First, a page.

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Laws of Arrest, Search, & Seiz

by: Ms. Piper Spencer

Laws of Arrest, Search, & Seiz CJ 3423

Ms. Piper Spencer
GPA 3.65

Donald Mizell

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About this Document

Donald Mizell
Class Notes
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This 14 page Class Notes was uploaded by Ms. Piper Spencer on Thursday October 22, 2015. The Class Notes belongs to CJ 3423 at University of Central Oklahoma taught by Donald Mizell in Fall. Since its upload, it has received 56 views. For similar materials see /class/227709/cj-3423-university-of-central-oklahoma in Criminal Justice at University of Central Oklahoma.


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Date Created: 10/22/15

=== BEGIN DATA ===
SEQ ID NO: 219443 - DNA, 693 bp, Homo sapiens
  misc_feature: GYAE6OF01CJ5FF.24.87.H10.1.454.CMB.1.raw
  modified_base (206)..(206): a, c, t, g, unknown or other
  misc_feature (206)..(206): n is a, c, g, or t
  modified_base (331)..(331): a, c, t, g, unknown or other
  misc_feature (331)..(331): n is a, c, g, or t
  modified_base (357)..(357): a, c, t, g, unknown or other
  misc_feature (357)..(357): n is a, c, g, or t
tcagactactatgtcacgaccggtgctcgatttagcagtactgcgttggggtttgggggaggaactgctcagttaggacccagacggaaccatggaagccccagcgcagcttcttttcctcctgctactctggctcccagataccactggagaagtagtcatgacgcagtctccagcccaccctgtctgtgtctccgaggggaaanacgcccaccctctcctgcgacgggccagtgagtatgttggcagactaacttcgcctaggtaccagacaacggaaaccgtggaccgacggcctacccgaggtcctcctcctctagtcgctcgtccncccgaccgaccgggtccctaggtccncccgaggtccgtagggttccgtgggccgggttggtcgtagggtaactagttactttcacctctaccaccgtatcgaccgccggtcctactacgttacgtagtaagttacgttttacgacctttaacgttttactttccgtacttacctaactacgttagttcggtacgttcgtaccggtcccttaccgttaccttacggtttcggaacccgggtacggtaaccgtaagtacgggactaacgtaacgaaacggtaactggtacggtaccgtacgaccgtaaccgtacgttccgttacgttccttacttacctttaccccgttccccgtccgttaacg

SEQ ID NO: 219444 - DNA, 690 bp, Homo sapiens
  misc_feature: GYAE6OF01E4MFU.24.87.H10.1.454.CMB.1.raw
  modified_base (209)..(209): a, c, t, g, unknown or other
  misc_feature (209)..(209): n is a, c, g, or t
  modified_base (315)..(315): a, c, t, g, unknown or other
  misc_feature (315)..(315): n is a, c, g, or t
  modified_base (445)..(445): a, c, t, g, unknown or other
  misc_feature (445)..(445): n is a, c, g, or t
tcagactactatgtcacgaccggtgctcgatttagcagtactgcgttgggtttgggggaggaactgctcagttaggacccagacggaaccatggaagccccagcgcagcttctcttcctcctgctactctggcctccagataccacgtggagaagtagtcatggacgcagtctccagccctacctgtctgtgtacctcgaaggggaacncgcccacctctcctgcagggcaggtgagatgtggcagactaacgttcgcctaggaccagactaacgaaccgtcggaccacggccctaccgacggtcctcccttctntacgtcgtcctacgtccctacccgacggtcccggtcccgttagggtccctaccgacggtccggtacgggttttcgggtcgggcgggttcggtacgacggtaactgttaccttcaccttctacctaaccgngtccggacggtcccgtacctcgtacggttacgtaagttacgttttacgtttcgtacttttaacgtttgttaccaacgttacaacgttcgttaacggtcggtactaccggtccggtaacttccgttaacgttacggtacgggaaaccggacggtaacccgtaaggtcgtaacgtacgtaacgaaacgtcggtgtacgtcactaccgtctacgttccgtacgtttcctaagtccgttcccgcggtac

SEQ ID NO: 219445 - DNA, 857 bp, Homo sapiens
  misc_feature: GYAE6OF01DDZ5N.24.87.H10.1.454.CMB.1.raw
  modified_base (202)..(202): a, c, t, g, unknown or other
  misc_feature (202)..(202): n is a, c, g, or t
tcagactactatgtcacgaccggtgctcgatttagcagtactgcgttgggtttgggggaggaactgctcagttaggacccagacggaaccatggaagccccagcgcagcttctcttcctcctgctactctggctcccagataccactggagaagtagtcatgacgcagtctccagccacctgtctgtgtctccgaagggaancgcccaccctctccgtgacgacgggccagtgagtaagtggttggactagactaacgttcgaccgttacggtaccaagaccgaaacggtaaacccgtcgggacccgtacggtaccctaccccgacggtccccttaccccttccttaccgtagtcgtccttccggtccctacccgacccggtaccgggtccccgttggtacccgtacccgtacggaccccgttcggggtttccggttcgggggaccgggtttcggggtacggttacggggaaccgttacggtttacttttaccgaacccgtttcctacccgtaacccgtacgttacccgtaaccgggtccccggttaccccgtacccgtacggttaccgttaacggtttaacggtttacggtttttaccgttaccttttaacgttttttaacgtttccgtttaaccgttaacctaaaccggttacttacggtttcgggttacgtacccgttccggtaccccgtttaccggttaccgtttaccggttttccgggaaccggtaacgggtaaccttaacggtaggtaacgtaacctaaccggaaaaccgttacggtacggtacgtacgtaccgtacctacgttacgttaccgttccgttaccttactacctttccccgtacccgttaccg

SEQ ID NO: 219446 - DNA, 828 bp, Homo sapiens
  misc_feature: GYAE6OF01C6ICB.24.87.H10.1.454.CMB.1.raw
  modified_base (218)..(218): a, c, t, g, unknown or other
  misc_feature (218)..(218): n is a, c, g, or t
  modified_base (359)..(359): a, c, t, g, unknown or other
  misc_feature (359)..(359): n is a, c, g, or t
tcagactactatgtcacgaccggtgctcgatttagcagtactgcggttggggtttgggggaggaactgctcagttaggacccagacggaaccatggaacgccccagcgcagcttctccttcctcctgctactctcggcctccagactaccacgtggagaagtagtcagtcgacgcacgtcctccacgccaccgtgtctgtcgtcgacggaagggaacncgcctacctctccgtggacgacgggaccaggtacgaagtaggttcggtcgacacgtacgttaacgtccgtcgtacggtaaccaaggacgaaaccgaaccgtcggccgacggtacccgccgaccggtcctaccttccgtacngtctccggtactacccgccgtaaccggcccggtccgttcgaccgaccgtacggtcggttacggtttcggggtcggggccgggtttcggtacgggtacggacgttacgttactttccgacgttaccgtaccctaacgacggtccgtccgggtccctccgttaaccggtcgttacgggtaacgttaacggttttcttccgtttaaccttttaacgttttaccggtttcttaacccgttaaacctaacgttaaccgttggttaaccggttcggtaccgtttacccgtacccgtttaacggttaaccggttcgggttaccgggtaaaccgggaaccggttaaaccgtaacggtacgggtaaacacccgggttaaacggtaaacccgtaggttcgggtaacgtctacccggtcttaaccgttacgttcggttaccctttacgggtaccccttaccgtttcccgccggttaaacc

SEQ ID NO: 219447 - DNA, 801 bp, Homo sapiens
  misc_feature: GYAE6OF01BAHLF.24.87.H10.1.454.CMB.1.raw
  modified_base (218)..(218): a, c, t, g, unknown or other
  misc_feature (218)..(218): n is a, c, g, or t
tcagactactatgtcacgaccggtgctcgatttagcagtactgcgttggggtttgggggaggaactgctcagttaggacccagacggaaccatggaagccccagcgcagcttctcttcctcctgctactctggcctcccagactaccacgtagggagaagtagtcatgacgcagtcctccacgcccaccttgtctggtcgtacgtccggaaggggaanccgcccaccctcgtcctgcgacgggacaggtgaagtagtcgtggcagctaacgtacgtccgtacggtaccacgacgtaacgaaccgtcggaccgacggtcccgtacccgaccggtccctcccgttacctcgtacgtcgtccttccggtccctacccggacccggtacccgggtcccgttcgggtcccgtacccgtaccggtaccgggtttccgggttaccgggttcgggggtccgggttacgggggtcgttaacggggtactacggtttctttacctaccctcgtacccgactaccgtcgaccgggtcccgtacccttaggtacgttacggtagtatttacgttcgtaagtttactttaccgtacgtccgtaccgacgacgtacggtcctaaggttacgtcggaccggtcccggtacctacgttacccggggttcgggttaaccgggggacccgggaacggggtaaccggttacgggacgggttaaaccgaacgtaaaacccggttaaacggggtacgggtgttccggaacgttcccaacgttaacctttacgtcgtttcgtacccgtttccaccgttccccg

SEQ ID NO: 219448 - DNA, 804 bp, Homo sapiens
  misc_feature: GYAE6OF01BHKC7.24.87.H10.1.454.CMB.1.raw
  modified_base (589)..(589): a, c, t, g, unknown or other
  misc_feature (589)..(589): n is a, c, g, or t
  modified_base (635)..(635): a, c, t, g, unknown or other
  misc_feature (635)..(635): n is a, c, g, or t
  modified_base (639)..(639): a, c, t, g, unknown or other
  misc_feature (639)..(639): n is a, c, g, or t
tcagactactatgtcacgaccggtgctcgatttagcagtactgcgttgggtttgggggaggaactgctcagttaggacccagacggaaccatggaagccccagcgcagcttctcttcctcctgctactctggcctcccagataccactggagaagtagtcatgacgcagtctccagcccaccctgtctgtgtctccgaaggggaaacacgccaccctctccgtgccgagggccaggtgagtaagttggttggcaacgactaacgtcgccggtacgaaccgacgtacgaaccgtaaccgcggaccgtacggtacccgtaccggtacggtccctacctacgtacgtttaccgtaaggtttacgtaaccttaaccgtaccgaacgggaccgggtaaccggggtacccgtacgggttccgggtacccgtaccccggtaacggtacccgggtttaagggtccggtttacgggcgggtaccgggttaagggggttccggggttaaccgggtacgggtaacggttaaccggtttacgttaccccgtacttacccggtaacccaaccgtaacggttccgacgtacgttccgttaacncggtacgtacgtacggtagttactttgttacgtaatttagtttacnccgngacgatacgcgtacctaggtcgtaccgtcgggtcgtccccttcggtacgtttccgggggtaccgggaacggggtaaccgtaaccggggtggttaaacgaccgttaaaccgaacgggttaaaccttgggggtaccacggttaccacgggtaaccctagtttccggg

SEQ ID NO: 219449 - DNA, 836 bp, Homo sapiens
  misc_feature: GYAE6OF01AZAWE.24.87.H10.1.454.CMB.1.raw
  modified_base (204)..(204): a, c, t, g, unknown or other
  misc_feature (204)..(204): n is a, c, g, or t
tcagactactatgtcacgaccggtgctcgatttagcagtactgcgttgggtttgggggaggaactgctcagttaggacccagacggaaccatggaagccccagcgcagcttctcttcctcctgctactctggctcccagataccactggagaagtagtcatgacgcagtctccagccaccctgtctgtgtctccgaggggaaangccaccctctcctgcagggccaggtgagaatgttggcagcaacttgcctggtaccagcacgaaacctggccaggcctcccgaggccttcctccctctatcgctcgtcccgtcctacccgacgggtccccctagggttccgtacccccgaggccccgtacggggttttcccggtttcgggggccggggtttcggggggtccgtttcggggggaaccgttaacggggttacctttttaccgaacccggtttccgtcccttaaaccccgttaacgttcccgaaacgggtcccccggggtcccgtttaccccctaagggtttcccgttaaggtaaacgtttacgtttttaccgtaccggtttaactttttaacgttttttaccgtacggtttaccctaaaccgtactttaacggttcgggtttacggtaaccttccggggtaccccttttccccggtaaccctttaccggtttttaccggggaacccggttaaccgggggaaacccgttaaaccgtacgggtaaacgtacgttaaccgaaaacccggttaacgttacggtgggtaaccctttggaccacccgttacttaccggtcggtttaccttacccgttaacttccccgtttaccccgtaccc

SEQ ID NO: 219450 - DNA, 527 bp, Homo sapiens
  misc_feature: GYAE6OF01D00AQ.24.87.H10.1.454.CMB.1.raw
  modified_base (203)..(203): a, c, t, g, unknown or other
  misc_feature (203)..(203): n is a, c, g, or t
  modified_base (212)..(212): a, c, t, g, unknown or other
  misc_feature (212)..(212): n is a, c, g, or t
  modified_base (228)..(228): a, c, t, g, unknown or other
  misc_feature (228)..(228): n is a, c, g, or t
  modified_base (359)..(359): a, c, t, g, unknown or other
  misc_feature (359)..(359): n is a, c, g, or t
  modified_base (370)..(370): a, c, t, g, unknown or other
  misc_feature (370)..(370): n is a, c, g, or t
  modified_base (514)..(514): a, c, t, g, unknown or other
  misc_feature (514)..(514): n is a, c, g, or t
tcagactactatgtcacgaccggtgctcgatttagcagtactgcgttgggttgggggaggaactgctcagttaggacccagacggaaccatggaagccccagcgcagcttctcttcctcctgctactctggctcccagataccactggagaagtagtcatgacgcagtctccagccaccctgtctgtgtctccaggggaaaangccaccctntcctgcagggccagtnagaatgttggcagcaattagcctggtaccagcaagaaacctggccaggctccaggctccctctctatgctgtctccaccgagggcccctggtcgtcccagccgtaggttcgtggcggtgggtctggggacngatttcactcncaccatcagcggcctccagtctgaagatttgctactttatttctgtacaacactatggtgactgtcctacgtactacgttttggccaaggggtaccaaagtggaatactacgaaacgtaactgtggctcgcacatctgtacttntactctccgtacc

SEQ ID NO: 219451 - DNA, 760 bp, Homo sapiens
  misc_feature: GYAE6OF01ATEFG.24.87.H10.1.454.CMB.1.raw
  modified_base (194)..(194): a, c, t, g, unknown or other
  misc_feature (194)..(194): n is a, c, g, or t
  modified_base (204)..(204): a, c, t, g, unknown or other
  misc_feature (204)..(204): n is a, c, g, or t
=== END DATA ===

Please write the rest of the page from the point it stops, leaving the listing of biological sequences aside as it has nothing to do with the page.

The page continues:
Chapter 2 Criminal Courts Organization Function Jurisdiction and the Criminal Process 1 An Introduction to the Criminal Justice System I All societies deal With and adjudicate deviant behavior I Americanjustice I Dual system of state and federal courts I One act may be federal and a state crime I Ultimately police and courts follow minimum standards of federal Constitution I Flow chart of Figure 21 demonstrates typical possibilities of criminal procedure I Reported discovered or observed crime I Initiates government response I May require extensive investigation I Case may exit system early Emmy mumn Pmuauna um um mmmm m m w um um D199 mm m Mr M mm mm Wmm quot1 Wm imam My mme rmuhrra mm m erwnnIerwAm i mnamnuwml m mm I m mi mmmWysmmm mmquot mum at Mantizmu mummmmtm nmmm l nmmmvlh amm mm m Mmmmspmm mmwwammmmum gmmmwmmgmmwm I Arrest I Information I Probable Cause I Bad Cmy I Someone Committed that act I BadAet I Something Criminal Happened I Indictment I Probable Cause you ve got a bad guy and a bad act I Complaint Someone calls and you go arrest I Summons I When and where to show up I Juvenile Referral I Juvenile certi ed to adult court I Prosecutor direct files in adult court I Adjudicated in juvenile court I Indictment I Held for trial bail possible I GrandJury is 16 23 people I Formal charging document I Paperwork entry point for person to stand trial I Refusal to indict I Ends case subject exits system I No bill I Does not necessarily end that case I Double jeopardy does not apply I Information I Preliminary hearing I Don t want to give away whole case play whole hand I Just show the judge that there was probable cause I If prosecution puts on witness the defense can cross examine himher I Defense is going to try and discredit the prosecution andput doubt in thejudges mind Juror prosecution court reporter as in grand jury in addition to I Judge presiding I Defense I Defense council I Witness It is public What is said on witness stand becomes locked into the case because she was sworn in Probable cause found Held for trial No probable cause Released I Felony case Trial byjury or option to be tried byjudge I Duncan I 2 years and a day I Baldwin v New York I 6 months and a day I Degree of exposure of more than six months right to jury or trial by judge I Why Trial by judge I Heinous acts I Juvenile I Graphic crime scene photos I Children I Judge will be more desensitized to this stuff I Six months and below judge tries the case I Misdemeanor case Usually no jury trial some jurisdictions may allow jury trial I Resolution Verdict of guilty or not guilty I Not guilty Released I Guilty Has right to one appeal I Grand Jury I 16 23 people I Determine probable cause I Not guilt or innocence Prosecutors may hear 20 cases a day Witness stand podium and court reporter No back and forth witness tells whole story I Prosecutor may then ask a few questions to make sure every detail has been mentioned I No referee that governs where the conversation goes I Grand Jury is free to ask questions I Can go o subject I If you get 12 indictment is passed and that person is formally charged I 2 Organization of Courts State and Federal A Dual System Elen Levelsuf Cmmsystem sum Law US olsmdcpms 54 Statesupreme cuun1 State Courts pr Appeal Federal calms pr Appez Clrcult Cuu us nglstrzte calm Camry or lmlrla facts at m e are delerm case lrled was m ere a procedural errpr procedural rullng curred pr paperwork trzll lneprred by the I Every person in the court system has the right to one level of appeal I You appeal one level up I Limited to general I Retry entire case because no transcript need all evidence and witnesses I General to appeal I Procedural errors I Have to file paperwork to request appeal within a timely manner I Getting case to supreme court I They have choice to take or reject the case I 9 justices I 4 must accept so that it will be heard I Minority vote I What is likely to get case heard I Kilo v US I Similar situation in Texas and Oregon I Informant tip of grow house I Thermal scan of residence suspected of growing marijuana I Bad guy I Bad act I What we found with thermal scan equals probable causes Obtained search warrant FoundMary Jane Arrested those responsible If going to search need probable cause and warrant or emergency I No warrant to get thermal imaging I Texas Court oprpeals 5M circuit I Thermal scan does not constitute a search I Heat escaping is outside of the house I Sometimes heat is willingly pushed out by homeowners for comfort I Abandoned in a sense I Don t need probable cause or warrant I Oregon 9 11 Circuit I High technology equipment to identi v happenings inside the walls of a home I Activities withinfour walls and roof I No right tofind out what is oin I 5 11 Circuit and 9m Circuitfound different answers to same question I Guaranteed to be heard by supreme court because it is di ering orders for law enforcement I Ask federal question that has never been asked before I Illegal seizure in state I Constitutional federal right I Kicked over to federal side I Appeal to circuit court I Maybe to supreme court ultimately I Can be heard in statelocal and then federal without double Jeopardy applying I e g robber federally insured bank that is state licensed I tried with exact same evidence with same set of facts I also can be affected by tribal law as well if act was committed on tribal land I State courts have sovereign power to try Violations of state law I State court powers not granted by federal Constitution I Federal Constitution grants powers to federal courts I Some federal court powers regulated by Congress 30000000 cases 1 000000 cases El Federal I State Federal and State Court Cases Filed Annually 10 I Bankruptcy I ICivil E Criminal Federal Court Cases Filed Annually Number 0139 federal judgeships authorized over 1IJIJ Number Of state cuurt judgeships authorized almost 30000 State court organization I Three tiers Trial courts courts of appeal and a supreme court I Facts procedural constitutional Trial and intermediate courts of appeal I Adjudicate cases under their respective jurisdictions State supreme courts take cases generally by discretion State court jurisdiction Broad coverage over any type of dispute I Criminal and ciVil cases probate and domestic relations Limited jurisdiction state trial courts Juvenile drug and misdemeanor courts Trial courts hear witnesses and determine facts State appellate courts I Generally must hear cases brought to them State supreme courts I Have signi cant discretion to determine which cases they will hear and decide I Have last word on meaning of state law Federal courts Organized With three tiers Federal court system Trial courts courts of appeal and one Supreme Court of the United States Collectively federal trial courts jurisdiction over all federal crimes Court of appeal circuit jurisdiction I I 3 Pretrial Cnmmal Procedure The Inmal Steps towardProseEuhon I Prosecutron evaluates case I Consrders I suengm of case I Availabrh ofwrtnesses I Here 15 what we wtmem and and em 15 what he Imam I I Whauheyfaund I mlerwew agm be re Lmzl I Problems wnh admrssrbrlrty of evrdeuce I Illegallyxerzed I Conshtuhonalrssues I defense I af rrmmve defense I rhyme 11 bad1d you have Lhe guy but a waxn laba 116 I quLK Clllan I xetdeeme I Pnontres ofthe prosecutor s of ce I mg 611525 I Threxhatd I Managemmme afmxex I Man awe I Volume aeummtaeumy I 4 Imhahngacrlmmal Case Complamt and summons I Police book suspects injail based on probable cause determined by I Police or judicial warrant I Grand jury indictment I Often reviewed by ajudge I Was judgment call of probable cause correct I Misdemeanor cases I Based on citizen compliant I Domestic abuse I Observations of law enforcement officials I Formal complaint of citizen may I Indicate probable cause to arrest I May cause ajudge to issue warrant I Investigation by police may begin I Prosecutor determines whether case is felony misdemeanor or no case I 5 The Charging Instruments Indictment and Information I You can wave any right against you I Can talk to you I Can I take a look at your car I If a federal prosecution I Grand jury indictment required under Fifth Amendment I If potential punishment greater than one year I Ifa state prosecution I No Fifth Amendment right to indictment I Not all states require grand jury indictment I Oklahoma anal California iProsecutor has the option I Case 21 Leading Case Brief Hurtaalo v California 110 Us 516 1884 I Facts I Defendant convicted of state murder in absence of grand jury indictment He contended Fourteenth Amendment due process guaranteed right to indictment in a serious state prosecution I Issue I Does Fourteenth Amendment incorporate right to indictment in state case through due process clause I Held I No I Rationale I There are many ways of granting fundamental fairness in the criminal process Differences in concepts of liberty and justice do not dictate that United States or each state follow all English common law or the Magna Charta Due process of law was not meant to require the institution and procedure of a grand jury in every possible serious prosecution I The grand jury I Composed of citizens who hear evidence I May ask questions of witnesses I Meets in secret I Allows deliberation wo outside in uence I Potential target will I No judge or defense lawyer present I 6 Pretrial Hearings Probable Cause Arraignment and Preliminary Hearing I Arrest to initial appearance I Must happen within 48 hours I Inform of charges I Federal Magistrate Judge can inform of charges even if felony I Advise you of your rights I Preliminary Hearing 4 parts possible five Informed of charges Advised of rights Appointment of counsel BailBond consideration Maybe probable cause hearing I Arraignment I Informed of Charges I Plea I Only can be taken in courtroom level where the case can be heard I E g can t have felony arraignment at magistrate court level I Guilty not guilty no lo contender I No lo contender has same effect as guilty plea I I m not contesting the charges but I m not formally accepting the charges no contest I can t be used in a civil trialfor the victims I Arrest following indictment or pursuant to warrant I No mandatory review of probable cause by judge Arrest on decision of police officer or complaint I Judicial official must review probable cause Federal court arraignment Defendant given copy of charges in open court If represented by counsel May enter plea If Defendant stands mute Court enters not guilty plea State practice Similar to federal Preliminary hearing May deal with larger number of issues I Probable cause Show prima facie case I Inform defendant of nature of charges I Appoint counsel I Bail determination I Notice of affirmative defense possible I 7 Pretrial Motion Hearings Mandatory and Discretionary Pretrial Motions I Upon request Defense allowed some discovery ofprosecution s case I Witness list I Physical evidence I Some mandatory pretrial motions I Double jeopardy claim I I have been found guilty or prosecuted on these same operative facts and should not have to stand trial I Not in timely manner we assumed you waived that right and you can stand trial I Speedy trial allegation I If you go outside the parameters of what is allowed the case is dead and cannot be retried I Starting date of prosecution I Where we are at now I Not in timely manner we assumed you waived that right and you can stand trial I Defects in charging instrument I Information and indictment I Formal piece of paper saying that a crime has been committed by a specific bad guy I Not in timely manner we assumed you waived that right and you can stand trial I Severance of charges andor defendants I Two females in robbery want to separate selves for separate trials I Coercion I Change in trial venue I If the case has gotten a lot of notoriety in the press the defendant can request change in venue for a di erent jury pool I 8 Plea Negotiations I 85 90 of cases are pled out in pretrial negotiations I Who wins Everybody Wins except for the victims all charges were not prosecuted I Prosecutor I Justice will be served because time will be served even if give up a few charges I Defense I Ineed to give client my best legal advice I Notfight it all the way and do serious time Cut your loses now when you have the chance to minimize your sentence I Minimizes rislddamage I Judge I More cases than hours to try I 8 10 would be tried if there were no plea bargaining I The system would shut down I Prosecution Defense and Investigator are involved I Possible When each side determines I Compromise bene ts each side I Few or no outstanding issues eXist I Judge must be sure of free voluntary plea I A certain conviction and or sentence serves interests of both sides I Defendant may plead and reserve one or more issues for appeal I Can hold for appeal purposes this one question and plea out on the rest of the charges I Plea bargain a contract obligating both sides I Contract relationship I Each side is bound I Agree to lesser charge in exchange for I Each side has to carry out their side of the bargain before the trial takes place I Not effective until judge accepts I Nonbinding until the judge accepts I After acceptance prosecution must perform I Or allow defendant to withdraw plea I Contract was broken by prosecution I Can take guilty plea off the table I Start plea process over I 9 Jury and Nonjury Trials I Sixth Amendment Right to jury trial I If potential sentence longer than 6 months I Nonunanimous jury verdicts permitted in state cases I Federal prosecutions Unanimous 12person jury I State 6person jury Unanimous verdict I Anything else is a hungjury I Jury unable to come to a verdict I Double jeopardy is not in play I Can go back and reprosecute I Jury polled to see how close the vote was so they can see if they want to reconvene the case I Jury duties I Weigh evidence determine facts apply facts to law and reject excluded evidence I Trial byjudge I Listen to evidence weigh evidence rule on objections and reject consideration of excluded evidence I Burden of proof same for jury or judge trial I Standard of proof I Affirmative defense I Is the defenses job to prove I PPE BRD I Anything to the right ofthe 5050 I Recognizance of the evidence 7 PPE I More likely than not I 50 001 I In a criminal case the standard of proof for the prosecution is beyond a reasonable doubt BRD I OV 505P1 00 I Acceptable range ofdoubt ofabout 15 I Get to level where they are comfortable with the fact that guilt occurred I Burden of proof I Affirmative defense I This is defenses role I Reduced burden I Plaintiff I Who is seeking damages I In a criminal case the burden of proof falls to the prosecution I Prosecutions burden is to make that case I Defense tries to raise reason of doubt I Motion of acquittal I Something was left out I Element ofcrime is missingfrom testimony I Element of crime is not proven beyond a reasonable doubt I Judge can accept or reject 10 The Trial Process I Judge defense and prosecution have distinct duties and responsibilities I Judge must manage trialrule on objections I Prosecutor and defense I Prep witnesses ready the evidence offer opening and closing arguments serve witness lists on opposing party I Law enforcement duties deliver incustody defendants to trial Selection of Jurors I Defendant entitled to impartial jury I Selected from fair crosssection of population of jurisdiction I Parties cannot exclude jurors based on race or gender I Judge questions federal prospective jurors for qualifications bias or interest Case 22 Leading Case Brief Johnson v California 545 US 162 2005 Facts Jury convicted black man of murder of his girlfriend s infant after prosecutor removed all members of his race from jury Judge found raceneutral explanation for removal defendant failed to prove discrimination State supreme court agreed Issue When alleging racial discrimination must defendant prove more likely than not Held No Rationale Defendant satisfied the requirements of allegation of racial discrimination in jury selection by producing evidence sufficient to permit the trial judge to draw an inference that discrimination has occurred More likely than not standard for discrimination was not approved I 12 Opening Statements 00 4 ON 1 O I Opening statements not evidence I Prosecution Tells jury what the evidence expected to prove I Presents theory of case I Defense Mentions what defense will prove or disprove I May delay opening statement until start of defense case in chief Prosecution s Case in Chief Presents evidence rst Has burden of proof of all elements May include lay and expert witnesses Defense may crossexamine each prosecution witness Prosecution rests indicates end of prosecution case presentation Defense s Case in Chief Defense duties Demolish prosecutor s case or create reasonable doubt Defendant may testify Defense conducts direct examination of own witnesses Witnesses May call lay and expert Burden of proof Only on af rmative defenses Prosecution Case in Rebuttal I Prosecution may recall prior witnesses I May present new witnesses I Clarify earlier testimony I General Rule Cannot introduce new matters not covered earlier Defense Case in Rejoinder I Rebuts and clari es prosecution s case in rebuttal I May impeach witnesses from prosecution case in rebuttal I May not introduce new matters can address any new matters mentioned by prosecution Motion for Judgment of Acquittal I Motion offered at end of defense case in rejoinder I Rarely successful I May be granted if element of crime missing I Motion may rst be made after prosecution s case in chief Closing Arguments I Prosecution presents closing argument rst defense goes second prosecution has nal say I Attorneys I Summarize evidence I Place respective cases in best position I Closing arguments Not evidence I Personal opinion of guilt or innocence by attorneys Not appropriate Jury Instructions I Purpose Educate the jury concerning law applicable to case I Including proof beyond a reasonable doubt inferences presumptions and judicial notice I From pattern jury instructions and suggestions offered by parties I Judge determines ultimate content of instructions N N O O N N N D I N IIIILA Verdicts Sentencing Process and Post Trial Motions I After jury instructions Jury deliberates in secret I Defendant has right to poll jury I Failure to reach verdict Hung Jury retrial possible I Decision to acquit Ends case forever Verdicts Sentencing Process and Post Trial Motions cont I Jury verdict Turns into Judgment I Judge sets forth the plea jury decision sentence judgment I Sentences in federal courts follow nonmandatory guidelines I Presentence reports Assists judges in sentencing I Parties may speak prior to sentencing Verdicts Sentencing Process and Post Trial Motions cont I Judge advises convict of appellate remedies and procedure I Post trial motions include I New trial Jury irregularities newly discovered evidence improper admission of evidence I Notice of appeal of verdict andor sentence and motion to forfeit property Appellate Practice I All cases Statutory right to first appeal I Notice of appeal Mandatory I Attorney investigates facts files brief I Existence of facts not arguable generally I Only major errors reverse convictions I Appeal discretionary after first appeal State and Federal Habeas Corpus I Habeas Corpus petition requests court order that requires I The person holding convict produce his or her body I EXplaination why continued custody is legal I Denial ofwrit Can be appealed Summary State and federal courts have three levels Some crimes are both federal and state Complaint Indictment or Information begin most criminal cases Guilty verdicts may be appealed upon proper procedure